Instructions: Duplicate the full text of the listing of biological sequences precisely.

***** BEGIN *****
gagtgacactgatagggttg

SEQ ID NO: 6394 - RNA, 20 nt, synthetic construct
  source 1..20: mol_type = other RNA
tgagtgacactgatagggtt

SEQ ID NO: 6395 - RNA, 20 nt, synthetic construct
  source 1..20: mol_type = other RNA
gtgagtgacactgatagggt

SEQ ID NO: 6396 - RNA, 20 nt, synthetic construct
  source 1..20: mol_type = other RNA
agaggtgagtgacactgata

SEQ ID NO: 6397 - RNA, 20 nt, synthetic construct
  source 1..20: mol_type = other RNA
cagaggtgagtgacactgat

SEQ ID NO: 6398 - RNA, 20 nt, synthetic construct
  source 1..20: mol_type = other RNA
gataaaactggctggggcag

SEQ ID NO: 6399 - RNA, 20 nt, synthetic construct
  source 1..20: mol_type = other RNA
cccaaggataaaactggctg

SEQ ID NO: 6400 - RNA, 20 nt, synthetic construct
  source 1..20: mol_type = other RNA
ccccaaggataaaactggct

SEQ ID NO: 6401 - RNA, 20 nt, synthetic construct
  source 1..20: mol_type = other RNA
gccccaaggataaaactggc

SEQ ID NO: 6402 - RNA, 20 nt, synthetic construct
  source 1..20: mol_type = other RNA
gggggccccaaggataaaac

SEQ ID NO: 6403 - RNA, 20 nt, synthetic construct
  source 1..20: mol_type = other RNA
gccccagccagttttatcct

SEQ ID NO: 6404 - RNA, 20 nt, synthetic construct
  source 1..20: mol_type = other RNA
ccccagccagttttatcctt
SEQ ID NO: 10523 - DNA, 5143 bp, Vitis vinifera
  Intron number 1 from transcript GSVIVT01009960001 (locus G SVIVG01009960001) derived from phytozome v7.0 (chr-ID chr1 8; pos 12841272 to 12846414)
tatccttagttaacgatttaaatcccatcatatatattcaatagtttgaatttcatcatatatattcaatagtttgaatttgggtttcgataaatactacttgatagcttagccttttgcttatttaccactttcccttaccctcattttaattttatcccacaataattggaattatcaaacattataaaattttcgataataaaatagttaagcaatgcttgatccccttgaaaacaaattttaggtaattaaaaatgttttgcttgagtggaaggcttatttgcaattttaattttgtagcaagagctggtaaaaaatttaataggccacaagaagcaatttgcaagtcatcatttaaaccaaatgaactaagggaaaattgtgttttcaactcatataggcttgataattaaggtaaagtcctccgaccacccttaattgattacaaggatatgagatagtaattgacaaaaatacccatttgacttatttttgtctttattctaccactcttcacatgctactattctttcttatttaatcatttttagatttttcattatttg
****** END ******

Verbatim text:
gagtgacactgatagggttg

SEQ ID NO: 6394 - RNA, 20 nt, synthetic construct
  source 1..20: mol_type = other RNA
tgagtgacactgatagggtt

SEQ ID NO: 6395 - RNA, 20 nt, synthetic construct
  source 1..20: mol_type = other RNA
gtgagtgacactgatagggt

SEQ ID NO: 6396 - RNA, 20 nt, synthetic construct
  source 1..20: mol_type = other RNA
agaggtgagtgacactgata

SEQ ID NO: 6397 - RNA, 20 nt, synthetic construct
  source 1..20: mol_type = other RNA
cagaggtgagtgacactgat

SEQ ID NO: 6398 - RNA, 20 nt, synthetic construct
  source 1..20: mol_type = other RNA
gataaaactggctggggcag

SEQ ID NO: 6399 - RNA, 20 nt, synthetic construct
  source 1..20: mol_type = other RNA
cccaaggataaaactggctg

SEQ ID NO: 6400 - RNA, 20 nt, synthetic construct
  source 1..20: mol_type = other RNA
ccccaaggataaaactggct

SEQ ID NO: 6401 - RNA, 20 nt, synthetic construct
  source 1..20: mol_type = other RNA
gccccaaggataaaactggc

SEQ ID NO: 6402 - RNA, 20 nt, synthetic construct
  source 1..20: mol_type = other RNA
gggggccccaaggataaaac

SEQ ID NO: 6403 - RNA, 20 nt, synthetic construct
  source 1..20: mol_type = other RNA
gccccagccagttttatcct

SEQ ID NO: 6404 - RNA, 20 nt, synthetic construct
  source 1..20: mol_type = other RNA
ccccagccagttttatcctt
SEQ ID NO: 10523 - DNA, 5143 bp, Vitis vinifera
  Intron number 1 from transcript GSVIVT01009960001 (locus G SVIVG01009960001) derived from phytozome v7.0 (chr-ID chr1 8; pos 12841272 to 12846414)
tatccttagttaacgatttaaatcccatcatatatattcaatagtttgaatttcatcatatatattcaatagtttgaatttgggtttcgataaatactacttgatagcttagccttttgcttatttaccactttcccttaccctcattttaattttatcccacaataattggaattatcaaacattataaaattttcgataataaaatagttaagcaatgcttgatccccttgaaaacaaattttaggtaattaaaaatgttttgcttgagtggaaggcttatttgcaattttaattttgtagcaagagctggtaaaaaatttaataggccacaagaagcaatttgcaagtcatcatttaaaccaaatgaactaagggaaaattgtgttttcaactcatataggcttgataattaaggtaaagtcctccgaccacccttaattgattacaaggatatgagatagtaattgacaaaaatacccatttgacttatttttgtctttattctaccactcttcacatgctactattctttcttatttaatcatttttagatttttcattatttg